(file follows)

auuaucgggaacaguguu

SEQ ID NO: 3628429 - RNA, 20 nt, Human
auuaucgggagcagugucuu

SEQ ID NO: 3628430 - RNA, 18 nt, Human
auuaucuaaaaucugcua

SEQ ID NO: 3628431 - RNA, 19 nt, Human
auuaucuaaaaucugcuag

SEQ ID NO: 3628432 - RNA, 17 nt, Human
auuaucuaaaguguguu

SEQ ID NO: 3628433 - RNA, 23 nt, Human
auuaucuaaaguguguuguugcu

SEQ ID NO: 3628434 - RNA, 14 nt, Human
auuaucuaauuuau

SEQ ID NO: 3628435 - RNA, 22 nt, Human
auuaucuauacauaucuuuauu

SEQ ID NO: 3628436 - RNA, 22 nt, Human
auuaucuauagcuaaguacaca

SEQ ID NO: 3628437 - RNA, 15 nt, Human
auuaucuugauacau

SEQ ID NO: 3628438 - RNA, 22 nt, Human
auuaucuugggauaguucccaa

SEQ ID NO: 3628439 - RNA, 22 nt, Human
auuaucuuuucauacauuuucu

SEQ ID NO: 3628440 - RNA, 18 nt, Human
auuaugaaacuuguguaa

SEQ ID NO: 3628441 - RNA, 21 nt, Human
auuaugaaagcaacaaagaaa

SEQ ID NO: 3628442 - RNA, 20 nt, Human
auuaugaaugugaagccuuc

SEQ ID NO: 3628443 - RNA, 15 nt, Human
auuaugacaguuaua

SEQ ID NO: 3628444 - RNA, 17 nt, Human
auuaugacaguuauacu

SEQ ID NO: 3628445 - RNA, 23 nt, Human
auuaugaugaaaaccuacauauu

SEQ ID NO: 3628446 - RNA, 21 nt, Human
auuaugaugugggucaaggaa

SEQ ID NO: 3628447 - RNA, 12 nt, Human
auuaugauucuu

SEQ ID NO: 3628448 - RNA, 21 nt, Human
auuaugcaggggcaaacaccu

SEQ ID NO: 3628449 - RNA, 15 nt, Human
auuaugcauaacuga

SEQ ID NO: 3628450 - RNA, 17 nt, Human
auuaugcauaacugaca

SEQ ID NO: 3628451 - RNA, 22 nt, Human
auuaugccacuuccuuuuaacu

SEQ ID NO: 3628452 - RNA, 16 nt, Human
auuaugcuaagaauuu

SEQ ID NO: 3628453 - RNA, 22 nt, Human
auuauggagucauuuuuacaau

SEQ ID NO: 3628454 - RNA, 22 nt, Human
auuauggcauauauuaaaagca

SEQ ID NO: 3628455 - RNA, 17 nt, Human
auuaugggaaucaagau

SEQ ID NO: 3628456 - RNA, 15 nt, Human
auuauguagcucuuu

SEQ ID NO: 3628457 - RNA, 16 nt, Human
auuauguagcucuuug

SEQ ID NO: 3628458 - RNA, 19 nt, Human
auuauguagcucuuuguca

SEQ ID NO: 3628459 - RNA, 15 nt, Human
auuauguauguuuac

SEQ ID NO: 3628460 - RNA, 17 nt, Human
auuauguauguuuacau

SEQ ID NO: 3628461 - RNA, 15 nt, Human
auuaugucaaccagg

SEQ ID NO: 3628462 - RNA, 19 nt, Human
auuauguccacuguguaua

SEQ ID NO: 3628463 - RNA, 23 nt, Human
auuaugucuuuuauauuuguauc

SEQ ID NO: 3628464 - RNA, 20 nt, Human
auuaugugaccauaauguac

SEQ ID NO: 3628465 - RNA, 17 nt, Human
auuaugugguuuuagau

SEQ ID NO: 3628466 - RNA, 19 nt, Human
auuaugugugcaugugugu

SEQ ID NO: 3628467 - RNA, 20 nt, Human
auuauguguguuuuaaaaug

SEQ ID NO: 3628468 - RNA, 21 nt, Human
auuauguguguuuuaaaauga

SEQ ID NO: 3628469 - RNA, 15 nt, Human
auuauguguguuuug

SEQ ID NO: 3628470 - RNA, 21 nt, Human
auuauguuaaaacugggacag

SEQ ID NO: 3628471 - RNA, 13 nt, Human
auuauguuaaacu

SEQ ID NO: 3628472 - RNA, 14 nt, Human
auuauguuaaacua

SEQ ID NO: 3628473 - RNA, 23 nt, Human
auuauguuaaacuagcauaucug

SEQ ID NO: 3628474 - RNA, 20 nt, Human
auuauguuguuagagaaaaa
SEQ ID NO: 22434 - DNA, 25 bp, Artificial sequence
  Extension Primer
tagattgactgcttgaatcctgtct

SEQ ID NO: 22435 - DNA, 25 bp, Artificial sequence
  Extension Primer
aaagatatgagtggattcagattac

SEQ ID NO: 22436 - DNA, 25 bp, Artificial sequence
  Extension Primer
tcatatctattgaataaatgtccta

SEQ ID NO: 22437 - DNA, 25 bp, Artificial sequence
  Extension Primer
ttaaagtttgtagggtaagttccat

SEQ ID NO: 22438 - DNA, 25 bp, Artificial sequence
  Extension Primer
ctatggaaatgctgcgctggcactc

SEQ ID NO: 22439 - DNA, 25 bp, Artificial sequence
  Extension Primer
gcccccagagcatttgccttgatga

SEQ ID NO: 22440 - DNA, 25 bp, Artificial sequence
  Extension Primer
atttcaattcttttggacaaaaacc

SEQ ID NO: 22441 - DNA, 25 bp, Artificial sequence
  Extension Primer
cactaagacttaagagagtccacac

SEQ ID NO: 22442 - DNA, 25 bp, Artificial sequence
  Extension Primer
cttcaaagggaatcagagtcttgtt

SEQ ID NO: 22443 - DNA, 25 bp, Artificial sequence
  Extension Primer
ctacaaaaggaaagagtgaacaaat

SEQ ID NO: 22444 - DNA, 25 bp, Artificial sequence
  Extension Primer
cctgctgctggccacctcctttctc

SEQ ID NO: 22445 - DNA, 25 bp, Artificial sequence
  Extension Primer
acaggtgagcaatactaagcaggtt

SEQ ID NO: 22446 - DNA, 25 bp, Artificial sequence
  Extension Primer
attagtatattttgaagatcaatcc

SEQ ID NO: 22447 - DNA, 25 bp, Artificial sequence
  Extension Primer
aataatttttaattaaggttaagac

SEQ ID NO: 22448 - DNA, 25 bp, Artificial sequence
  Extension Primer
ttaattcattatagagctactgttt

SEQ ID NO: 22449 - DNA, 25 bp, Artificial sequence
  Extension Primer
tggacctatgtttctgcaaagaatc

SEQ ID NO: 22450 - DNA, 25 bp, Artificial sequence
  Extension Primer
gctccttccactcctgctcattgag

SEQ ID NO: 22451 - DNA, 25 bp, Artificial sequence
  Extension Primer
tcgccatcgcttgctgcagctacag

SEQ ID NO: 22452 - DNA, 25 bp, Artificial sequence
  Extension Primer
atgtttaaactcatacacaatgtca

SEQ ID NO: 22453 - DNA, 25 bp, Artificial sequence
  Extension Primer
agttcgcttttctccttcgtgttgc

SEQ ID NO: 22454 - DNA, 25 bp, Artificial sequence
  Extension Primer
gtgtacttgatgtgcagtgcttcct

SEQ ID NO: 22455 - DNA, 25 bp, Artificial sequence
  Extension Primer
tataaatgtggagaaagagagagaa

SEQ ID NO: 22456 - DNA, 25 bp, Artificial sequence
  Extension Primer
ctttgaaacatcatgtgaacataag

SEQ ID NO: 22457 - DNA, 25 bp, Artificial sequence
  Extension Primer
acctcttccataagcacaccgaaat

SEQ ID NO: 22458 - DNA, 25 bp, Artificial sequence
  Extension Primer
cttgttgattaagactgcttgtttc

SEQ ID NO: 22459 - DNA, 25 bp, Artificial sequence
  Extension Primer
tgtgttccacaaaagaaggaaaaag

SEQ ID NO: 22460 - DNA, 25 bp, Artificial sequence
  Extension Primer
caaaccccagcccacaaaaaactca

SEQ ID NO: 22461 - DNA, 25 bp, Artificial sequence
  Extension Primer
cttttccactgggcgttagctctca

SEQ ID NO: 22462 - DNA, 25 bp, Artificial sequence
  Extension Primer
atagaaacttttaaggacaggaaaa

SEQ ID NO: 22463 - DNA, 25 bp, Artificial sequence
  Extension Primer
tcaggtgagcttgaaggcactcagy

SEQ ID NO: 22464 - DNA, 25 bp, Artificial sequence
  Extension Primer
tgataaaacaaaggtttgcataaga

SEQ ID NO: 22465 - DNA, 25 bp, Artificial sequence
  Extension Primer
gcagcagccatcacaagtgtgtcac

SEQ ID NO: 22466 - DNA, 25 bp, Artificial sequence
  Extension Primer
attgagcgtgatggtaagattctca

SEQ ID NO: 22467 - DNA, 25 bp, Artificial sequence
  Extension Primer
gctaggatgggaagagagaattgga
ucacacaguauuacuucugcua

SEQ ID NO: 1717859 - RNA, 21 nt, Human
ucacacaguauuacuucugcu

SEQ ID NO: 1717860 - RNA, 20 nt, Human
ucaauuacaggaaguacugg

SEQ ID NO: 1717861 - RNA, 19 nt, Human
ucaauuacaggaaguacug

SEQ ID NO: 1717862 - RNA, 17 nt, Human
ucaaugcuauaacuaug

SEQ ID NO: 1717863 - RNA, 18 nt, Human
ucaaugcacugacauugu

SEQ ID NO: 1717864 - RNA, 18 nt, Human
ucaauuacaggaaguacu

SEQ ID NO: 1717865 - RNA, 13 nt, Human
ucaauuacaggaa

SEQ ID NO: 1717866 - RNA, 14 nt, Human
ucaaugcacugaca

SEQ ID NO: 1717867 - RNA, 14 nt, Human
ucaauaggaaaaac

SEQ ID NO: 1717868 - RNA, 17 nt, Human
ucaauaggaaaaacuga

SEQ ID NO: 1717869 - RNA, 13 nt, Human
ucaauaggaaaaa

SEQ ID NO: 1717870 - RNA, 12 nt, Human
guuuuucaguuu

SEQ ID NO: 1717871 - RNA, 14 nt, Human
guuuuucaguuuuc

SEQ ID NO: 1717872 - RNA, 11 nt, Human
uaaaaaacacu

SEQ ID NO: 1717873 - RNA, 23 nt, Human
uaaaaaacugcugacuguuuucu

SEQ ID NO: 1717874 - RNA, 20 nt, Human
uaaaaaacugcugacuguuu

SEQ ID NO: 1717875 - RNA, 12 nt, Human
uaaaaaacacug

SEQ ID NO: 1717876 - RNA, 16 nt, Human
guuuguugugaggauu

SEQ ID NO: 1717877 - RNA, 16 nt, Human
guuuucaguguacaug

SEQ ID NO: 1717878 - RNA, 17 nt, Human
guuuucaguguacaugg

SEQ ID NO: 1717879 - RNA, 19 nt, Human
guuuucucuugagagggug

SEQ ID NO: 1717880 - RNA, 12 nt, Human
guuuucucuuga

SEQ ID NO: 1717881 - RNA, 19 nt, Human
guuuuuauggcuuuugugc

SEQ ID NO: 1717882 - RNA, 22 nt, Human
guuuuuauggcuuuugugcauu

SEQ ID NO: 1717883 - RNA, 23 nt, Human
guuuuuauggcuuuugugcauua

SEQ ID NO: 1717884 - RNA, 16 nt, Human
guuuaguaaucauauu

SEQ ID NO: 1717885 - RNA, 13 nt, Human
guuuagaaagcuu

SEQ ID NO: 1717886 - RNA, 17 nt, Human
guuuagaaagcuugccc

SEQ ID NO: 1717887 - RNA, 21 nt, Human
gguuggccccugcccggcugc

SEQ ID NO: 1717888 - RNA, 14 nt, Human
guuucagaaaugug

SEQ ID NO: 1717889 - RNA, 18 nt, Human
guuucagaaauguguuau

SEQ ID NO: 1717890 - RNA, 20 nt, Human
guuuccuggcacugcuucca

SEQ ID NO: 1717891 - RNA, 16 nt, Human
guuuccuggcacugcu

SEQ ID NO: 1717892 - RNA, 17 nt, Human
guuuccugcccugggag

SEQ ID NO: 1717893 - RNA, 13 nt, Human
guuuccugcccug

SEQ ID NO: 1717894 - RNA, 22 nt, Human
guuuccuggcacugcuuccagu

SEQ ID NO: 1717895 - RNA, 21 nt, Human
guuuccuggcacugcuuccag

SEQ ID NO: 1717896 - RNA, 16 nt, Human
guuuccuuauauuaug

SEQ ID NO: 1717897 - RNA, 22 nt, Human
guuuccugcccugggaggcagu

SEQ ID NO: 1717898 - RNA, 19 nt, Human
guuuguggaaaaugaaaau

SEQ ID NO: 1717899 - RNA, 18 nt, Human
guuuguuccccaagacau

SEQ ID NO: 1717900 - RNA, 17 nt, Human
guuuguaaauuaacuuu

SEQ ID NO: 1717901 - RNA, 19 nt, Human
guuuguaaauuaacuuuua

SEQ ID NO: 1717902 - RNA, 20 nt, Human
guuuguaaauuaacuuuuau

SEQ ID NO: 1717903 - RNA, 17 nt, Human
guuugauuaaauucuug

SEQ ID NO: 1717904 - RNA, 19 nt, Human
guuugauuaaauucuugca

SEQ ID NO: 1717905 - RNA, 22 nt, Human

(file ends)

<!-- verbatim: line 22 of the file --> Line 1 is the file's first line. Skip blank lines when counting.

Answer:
SEQ ID NO: 3628439 - RNA, 22 nt, Human